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  • Writer's pictureIrungu Houghton

Common-ground not battle-grounds are what we need to build now

Updated: Dec 23, 2018

The boil just burst. Like most boils, these presidential elections are a hot mess and have left a gaping wound. With at least ten dead, scores injured and 86 arrests, our nation’s fault-lines have deepened in the last 72 hours. Ethnic profiling, police brutality, anti-IEBC violence and a divided leadership pull us further away from a political resolution. Yet like all other boils, there is an anti-septic treatment for this condition if we are all prepared to listen.

Rigid political interests fueled this current crisis. JP wanted to retain power at all costs and NASA wanted to win power at all costs. The fear of losing the national Presidency has loomed larger in the parties’ minds than any person’s death, even that of poor baby Pendo. In the process, our public institutions, laws and minds became their battle-grounds.  Now that we have some lives on the line in Migori, Siaya, Kisumu, Homa Bay and Kawangware, is it time to revisit the call for building common causes? Now that we know the elections, massive police presence or new laws will not heal our country, is it time to build a common ground?

The fear of the “other” and conflict generates a very real feeling of being in an abusive relationship. The noise it creates can make it impossible to listen to your opponent’s good-will or those voices of reason to dialogue with. Hardliners listen and respond only to other hardliners. Their script is predictable. Watch them call for arrests of leaders, more elections, more laws and “robust” military action. In an unintended way, when they act like this, our leaders are like bald men fighting over combs.

As @JKNjenga wrote this week, we have not yet learned from 2008. Some of us only changed sides. I might add, some didn’t even change sides. I wasn’t born in the state of emergency of 1952. I wasn’t an adult at the beginning of the one-party state in 1969 but I was there in 1994 when the country raged from ethnic cleansing and political intimidation. This feels different, deeper, more pervasive and could be more difficult to come back from. We must approach the coming week with a deliberateness of purpose.

The elections will continue to be messy. As predicted in this column two weeks ago, the turn-out will not give Uhuru Kenyatta a popular mandate. What other options exist for him beyond the predictable knee jerk reaction to grimace, grin and move on?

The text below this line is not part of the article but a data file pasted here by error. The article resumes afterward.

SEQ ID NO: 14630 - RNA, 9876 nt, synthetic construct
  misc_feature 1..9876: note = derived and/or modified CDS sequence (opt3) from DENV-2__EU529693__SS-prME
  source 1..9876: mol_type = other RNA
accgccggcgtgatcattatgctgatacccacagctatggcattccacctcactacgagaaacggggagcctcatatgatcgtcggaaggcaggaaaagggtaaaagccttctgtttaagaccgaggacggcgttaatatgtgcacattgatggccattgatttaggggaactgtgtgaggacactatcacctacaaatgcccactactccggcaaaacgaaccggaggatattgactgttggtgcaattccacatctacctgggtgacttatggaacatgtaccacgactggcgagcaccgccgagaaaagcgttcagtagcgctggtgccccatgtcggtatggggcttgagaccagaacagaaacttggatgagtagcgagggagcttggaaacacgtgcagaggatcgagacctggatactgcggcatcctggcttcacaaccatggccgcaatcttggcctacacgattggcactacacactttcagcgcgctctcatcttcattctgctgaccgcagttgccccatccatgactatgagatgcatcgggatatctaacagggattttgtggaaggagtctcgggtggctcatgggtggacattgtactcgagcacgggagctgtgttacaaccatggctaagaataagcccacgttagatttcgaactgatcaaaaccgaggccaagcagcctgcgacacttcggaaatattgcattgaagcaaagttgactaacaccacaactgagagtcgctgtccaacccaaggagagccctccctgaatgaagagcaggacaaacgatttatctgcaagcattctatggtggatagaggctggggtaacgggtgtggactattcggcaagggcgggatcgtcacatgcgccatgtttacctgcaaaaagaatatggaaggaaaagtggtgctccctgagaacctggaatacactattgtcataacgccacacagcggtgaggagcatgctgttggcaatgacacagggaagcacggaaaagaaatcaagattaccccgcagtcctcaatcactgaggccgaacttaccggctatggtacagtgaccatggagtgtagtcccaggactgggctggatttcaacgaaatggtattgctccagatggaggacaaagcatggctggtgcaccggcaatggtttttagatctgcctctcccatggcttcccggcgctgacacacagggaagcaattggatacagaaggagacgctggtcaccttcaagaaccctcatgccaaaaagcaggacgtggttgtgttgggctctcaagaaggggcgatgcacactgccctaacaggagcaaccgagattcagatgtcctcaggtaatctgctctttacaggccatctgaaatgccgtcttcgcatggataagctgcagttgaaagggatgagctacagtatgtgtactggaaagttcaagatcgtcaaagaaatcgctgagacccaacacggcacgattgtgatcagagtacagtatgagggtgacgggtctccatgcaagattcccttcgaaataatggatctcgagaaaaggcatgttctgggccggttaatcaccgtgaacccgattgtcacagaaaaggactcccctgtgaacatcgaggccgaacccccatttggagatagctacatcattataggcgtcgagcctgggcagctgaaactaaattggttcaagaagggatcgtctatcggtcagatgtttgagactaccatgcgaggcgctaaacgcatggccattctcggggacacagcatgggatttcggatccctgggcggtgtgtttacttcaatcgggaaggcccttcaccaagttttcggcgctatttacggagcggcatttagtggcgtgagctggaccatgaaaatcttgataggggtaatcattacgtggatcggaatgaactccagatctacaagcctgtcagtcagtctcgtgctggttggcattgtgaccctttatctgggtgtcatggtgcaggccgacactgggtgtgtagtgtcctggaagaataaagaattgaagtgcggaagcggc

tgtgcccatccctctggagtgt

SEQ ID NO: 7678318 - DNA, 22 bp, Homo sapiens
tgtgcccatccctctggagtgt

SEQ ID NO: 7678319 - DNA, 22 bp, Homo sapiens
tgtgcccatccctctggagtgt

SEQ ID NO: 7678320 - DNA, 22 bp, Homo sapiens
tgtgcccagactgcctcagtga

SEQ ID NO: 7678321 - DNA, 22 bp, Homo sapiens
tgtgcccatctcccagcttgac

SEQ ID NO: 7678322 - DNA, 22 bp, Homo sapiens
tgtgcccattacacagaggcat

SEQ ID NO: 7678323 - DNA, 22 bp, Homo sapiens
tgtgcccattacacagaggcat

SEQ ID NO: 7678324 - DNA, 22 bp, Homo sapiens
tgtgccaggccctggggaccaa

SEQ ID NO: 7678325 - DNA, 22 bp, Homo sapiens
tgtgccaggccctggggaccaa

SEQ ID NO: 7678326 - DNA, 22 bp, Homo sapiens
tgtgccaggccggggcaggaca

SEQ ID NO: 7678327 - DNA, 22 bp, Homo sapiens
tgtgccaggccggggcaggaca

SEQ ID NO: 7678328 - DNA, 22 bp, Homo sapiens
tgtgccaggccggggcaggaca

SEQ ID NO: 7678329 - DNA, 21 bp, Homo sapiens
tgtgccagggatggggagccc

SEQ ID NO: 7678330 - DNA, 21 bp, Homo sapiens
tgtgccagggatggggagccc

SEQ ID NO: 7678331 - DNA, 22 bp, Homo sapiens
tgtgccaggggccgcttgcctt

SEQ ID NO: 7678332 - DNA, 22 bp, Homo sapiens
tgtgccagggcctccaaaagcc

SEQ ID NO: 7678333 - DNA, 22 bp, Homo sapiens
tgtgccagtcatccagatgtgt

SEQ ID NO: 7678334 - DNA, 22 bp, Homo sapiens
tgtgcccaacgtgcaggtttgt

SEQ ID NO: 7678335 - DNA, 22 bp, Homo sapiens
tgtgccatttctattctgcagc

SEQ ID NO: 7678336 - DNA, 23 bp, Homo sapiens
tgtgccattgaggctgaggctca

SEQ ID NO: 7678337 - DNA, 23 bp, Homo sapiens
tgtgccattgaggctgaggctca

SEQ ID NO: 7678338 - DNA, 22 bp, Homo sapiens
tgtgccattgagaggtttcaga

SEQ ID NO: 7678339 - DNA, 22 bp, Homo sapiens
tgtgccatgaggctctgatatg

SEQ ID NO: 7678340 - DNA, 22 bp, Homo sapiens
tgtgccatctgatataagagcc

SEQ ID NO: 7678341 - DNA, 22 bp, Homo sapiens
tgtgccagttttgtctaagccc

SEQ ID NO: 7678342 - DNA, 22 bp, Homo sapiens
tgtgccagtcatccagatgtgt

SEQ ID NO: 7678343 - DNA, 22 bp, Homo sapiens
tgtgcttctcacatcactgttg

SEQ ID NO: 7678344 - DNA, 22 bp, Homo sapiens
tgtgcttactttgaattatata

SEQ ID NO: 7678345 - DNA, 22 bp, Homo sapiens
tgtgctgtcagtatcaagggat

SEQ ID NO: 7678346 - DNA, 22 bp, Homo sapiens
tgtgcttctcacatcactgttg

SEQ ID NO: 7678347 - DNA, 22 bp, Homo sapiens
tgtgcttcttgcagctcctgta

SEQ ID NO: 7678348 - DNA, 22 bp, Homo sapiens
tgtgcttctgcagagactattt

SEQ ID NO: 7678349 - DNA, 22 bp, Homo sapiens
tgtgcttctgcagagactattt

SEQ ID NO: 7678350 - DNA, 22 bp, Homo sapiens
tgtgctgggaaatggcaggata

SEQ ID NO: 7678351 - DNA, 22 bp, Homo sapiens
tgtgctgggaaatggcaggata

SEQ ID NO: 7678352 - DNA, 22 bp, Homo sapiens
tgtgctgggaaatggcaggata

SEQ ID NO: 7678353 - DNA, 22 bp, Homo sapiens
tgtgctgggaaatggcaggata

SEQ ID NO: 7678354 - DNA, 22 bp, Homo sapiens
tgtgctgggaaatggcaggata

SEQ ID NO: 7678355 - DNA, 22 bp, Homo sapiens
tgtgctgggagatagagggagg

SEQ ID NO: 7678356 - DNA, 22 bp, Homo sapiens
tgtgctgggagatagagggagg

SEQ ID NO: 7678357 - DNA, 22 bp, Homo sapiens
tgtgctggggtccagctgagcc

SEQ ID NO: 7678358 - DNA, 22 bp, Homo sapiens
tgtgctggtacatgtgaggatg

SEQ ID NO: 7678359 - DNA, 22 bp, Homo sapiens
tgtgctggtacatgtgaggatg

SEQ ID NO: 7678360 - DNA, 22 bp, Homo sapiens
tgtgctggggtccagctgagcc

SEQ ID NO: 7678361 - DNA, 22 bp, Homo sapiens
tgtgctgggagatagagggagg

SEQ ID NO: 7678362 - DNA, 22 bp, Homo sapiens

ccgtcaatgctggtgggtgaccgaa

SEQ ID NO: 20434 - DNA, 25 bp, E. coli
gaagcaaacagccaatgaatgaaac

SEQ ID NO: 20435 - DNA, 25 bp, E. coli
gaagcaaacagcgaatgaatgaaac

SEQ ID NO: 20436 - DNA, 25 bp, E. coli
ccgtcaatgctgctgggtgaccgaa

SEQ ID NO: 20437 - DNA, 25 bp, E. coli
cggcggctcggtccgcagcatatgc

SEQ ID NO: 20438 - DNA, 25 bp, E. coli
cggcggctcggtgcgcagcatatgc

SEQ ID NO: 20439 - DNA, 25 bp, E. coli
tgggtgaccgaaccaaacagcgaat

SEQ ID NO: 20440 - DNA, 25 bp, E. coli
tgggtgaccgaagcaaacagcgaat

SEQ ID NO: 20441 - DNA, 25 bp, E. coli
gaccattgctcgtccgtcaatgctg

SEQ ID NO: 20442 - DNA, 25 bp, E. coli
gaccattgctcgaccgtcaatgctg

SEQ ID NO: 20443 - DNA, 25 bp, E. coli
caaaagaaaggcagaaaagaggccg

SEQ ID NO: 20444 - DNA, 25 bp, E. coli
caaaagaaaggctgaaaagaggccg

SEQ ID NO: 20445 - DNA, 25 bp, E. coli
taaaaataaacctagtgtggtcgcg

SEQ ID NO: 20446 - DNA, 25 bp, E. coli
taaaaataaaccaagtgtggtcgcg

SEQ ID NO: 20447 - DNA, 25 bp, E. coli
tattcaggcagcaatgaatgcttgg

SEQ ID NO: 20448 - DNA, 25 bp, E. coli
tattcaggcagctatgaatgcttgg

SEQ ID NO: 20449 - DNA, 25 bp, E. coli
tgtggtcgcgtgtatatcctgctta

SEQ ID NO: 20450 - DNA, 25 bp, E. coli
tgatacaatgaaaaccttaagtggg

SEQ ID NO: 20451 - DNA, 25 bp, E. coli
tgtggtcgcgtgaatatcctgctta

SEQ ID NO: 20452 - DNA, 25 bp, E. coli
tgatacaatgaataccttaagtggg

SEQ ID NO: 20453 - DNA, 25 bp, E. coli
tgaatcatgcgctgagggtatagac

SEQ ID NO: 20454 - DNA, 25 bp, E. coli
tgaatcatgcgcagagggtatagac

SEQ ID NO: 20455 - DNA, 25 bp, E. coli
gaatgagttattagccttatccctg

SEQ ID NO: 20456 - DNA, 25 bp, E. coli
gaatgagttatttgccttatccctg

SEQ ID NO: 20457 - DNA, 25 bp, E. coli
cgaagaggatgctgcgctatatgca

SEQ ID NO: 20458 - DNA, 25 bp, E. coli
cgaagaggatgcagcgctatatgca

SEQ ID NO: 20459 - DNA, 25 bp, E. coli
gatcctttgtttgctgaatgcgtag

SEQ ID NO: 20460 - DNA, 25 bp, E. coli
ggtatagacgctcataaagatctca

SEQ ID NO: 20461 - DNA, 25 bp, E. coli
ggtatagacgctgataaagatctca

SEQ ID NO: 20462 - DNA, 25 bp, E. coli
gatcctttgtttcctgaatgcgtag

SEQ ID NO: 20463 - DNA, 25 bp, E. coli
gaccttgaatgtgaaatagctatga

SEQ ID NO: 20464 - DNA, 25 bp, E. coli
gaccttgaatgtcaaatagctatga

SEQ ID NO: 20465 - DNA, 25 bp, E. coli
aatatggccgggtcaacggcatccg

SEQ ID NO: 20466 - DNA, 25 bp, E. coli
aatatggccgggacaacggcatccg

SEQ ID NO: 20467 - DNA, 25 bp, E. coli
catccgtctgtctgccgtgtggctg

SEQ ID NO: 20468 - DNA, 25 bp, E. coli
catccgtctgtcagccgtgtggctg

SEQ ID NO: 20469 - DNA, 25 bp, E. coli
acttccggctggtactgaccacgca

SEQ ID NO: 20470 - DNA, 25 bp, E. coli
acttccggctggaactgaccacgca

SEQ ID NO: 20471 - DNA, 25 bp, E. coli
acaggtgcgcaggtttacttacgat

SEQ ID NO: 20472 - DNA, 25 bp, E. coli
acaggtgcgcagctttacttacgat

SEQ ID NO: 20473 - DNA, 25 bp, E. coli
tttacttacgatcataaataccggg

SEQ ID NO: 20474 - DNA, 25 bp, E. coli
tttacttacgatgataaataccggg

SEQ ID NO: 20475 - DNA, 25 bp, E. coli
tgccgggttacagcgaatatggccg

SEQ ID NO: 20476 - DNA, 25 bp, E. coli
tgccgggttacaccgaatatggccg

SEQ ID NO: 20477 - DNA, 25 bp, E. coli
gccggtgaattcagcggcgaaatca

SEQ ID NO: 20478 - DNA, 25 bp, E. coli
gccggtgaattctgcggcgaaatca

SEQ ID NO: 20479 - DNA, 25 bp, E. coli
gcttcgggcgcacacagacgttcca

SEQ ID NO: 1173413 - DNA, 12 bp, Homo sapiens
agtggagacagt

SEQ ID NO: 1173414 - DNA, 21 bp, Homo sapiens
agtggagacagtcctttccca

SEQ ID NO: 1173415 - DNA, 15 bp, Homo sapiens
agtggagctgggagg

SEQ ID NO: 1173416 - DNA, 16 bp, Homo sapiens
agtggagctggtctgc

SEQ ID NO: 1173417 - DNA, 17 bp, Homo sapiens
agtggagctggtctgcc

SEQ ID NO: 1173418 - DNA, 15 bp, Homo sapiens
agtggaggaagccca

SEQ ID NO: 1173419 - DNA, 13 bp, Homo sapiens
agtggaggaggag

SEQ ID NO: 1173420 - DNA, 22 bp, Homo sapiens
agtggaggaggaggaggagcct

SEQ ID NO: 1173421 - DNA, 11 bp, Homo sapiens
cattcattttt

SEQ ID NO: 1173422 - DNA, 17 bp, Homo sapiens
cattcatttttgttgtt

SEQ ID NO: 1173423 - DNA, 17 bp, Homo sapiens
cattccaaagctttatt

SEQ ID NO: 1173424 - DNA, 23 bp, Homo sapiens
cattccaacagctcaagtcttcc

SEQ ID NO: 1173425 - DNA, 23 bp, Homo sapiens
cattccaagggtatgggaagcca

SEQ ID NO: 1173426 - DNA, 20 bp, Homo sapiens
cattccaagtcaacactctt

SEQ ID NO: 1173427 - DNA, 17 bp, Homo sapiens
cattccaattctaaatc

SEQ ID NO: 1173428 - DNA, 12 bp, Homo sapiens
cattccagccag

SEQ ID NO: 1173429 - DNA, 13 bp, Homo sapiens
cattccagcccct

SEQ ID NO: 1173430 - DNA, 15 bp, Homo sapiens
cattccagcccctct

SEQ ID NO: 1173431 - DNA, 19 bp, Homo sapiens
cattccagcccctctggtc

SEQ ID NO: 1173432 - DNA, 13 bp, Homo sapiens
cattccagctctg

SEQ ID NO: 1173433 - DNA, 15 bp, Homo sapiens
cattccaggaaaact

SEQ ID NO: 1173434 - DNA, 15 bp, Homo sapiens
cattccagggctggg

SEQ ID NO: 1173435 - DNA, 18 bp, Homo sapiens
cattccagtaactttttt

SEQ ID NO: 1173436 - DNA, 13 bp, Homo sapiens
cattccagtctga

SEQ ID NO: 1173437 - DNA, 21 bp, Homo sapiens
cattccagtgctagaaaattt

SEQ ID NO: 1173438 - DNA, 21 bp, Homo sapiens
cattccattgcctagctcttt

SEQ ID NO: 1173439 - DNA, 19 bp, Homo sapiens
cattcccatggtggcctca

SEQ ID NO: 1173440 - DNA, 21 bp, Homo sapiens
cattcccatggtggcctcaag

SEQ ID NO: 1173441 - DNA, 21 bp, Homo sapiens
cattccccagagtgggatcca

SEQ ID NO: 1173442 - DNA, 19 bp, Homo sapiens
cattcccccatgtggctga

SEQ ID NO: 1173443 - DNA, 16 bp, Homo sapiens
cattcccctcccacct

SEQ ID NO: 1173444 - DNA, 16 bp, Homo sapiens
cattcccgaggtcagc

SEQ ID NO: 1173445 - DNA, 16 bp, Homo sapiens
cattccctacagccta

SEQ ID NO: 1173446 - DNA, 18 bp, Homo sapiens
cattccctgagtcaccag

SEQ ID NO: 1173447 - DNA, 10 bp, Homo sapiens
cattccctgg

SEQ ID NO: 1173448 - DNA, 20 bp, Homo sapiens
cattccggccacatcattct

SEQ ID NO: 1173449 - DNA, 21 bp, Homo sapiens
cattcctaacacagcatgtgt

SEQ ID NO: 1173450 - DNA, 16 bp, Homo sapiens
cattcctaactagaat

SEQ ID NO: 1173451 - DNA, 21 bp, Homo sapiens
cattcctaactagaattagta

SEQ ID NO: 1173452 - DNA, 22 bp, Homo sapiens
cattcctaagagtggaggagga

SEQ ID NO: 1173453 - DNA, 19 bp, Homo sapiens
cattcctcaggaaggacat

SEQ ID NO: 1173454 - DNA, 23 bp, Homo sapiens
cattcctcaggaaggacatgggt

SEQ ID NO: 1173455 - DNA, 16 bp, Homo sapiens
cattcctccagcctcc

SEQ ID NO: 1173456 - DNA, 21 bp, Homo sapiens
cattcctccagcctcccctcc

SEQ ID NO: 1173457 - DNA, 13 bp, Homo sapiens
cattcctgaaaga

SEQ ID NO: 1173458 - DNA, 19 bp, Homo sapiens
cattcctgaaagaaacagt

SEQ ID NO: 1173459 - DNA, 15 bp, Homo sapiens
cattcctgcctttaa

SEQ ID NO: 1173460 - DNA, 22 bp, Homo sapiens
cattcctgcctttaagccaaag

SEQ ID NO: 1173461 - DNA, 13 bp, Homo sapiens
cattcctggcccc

Kenyatta can publicly call on his leaders to reach out to their counter-parts at the constituency level. He can declare his support for calling off the elections in the four affected counties. Like Johnson Sakaja in the PanAfric Hotel incident, he can bravely calm the youth militia in Kawangware and elsewhere before they plunge the country into further violence. He can also declare his support for an enquiry into the way that the security has managed these elections and the NASA protests. Denied news by his advisors, Kibaki lost his voice for four days as the country burned in January 2008. Kenyatta has a new opportunity to show up.

Raila Odinga and the National Resistance Movement must go beyond asking their followers to stay at home. Their leaders must come out to the road-blocks of Kondele and Migori bridge and dialogue with the angry electorate. They must publicly call for active non-violence and coordinate peace corridors and safe spaces for ethnic minorities. Summarizing @JKNJenga again. Militias are like snakes. You can keep one in your home to scare away thieves but your children may be the first to be bitten.

NASA must also look beyond active non-violent disruption to building inclusive and accountable governance model in the counties they control. A more powerful political strategy than mass “whatsapp lefting” (succession) would be to demonstrate a better governed set of counties and watch the population move to live and work in NASA counties.

By playing to an extremist gallery, politicians are slowly eroding the institutions that give them legitimacy to govern us. Citizens must continue to raise their voices in the spaces we can. Some of us must also create new spaces and narratives that do not inflame the nation. As Van Jones would say, we must move from the battle-ground to building common ground and quickly.


First published Sunday Standard, October 28, 2017. Kindly reproduced here with permission from the Standard Group


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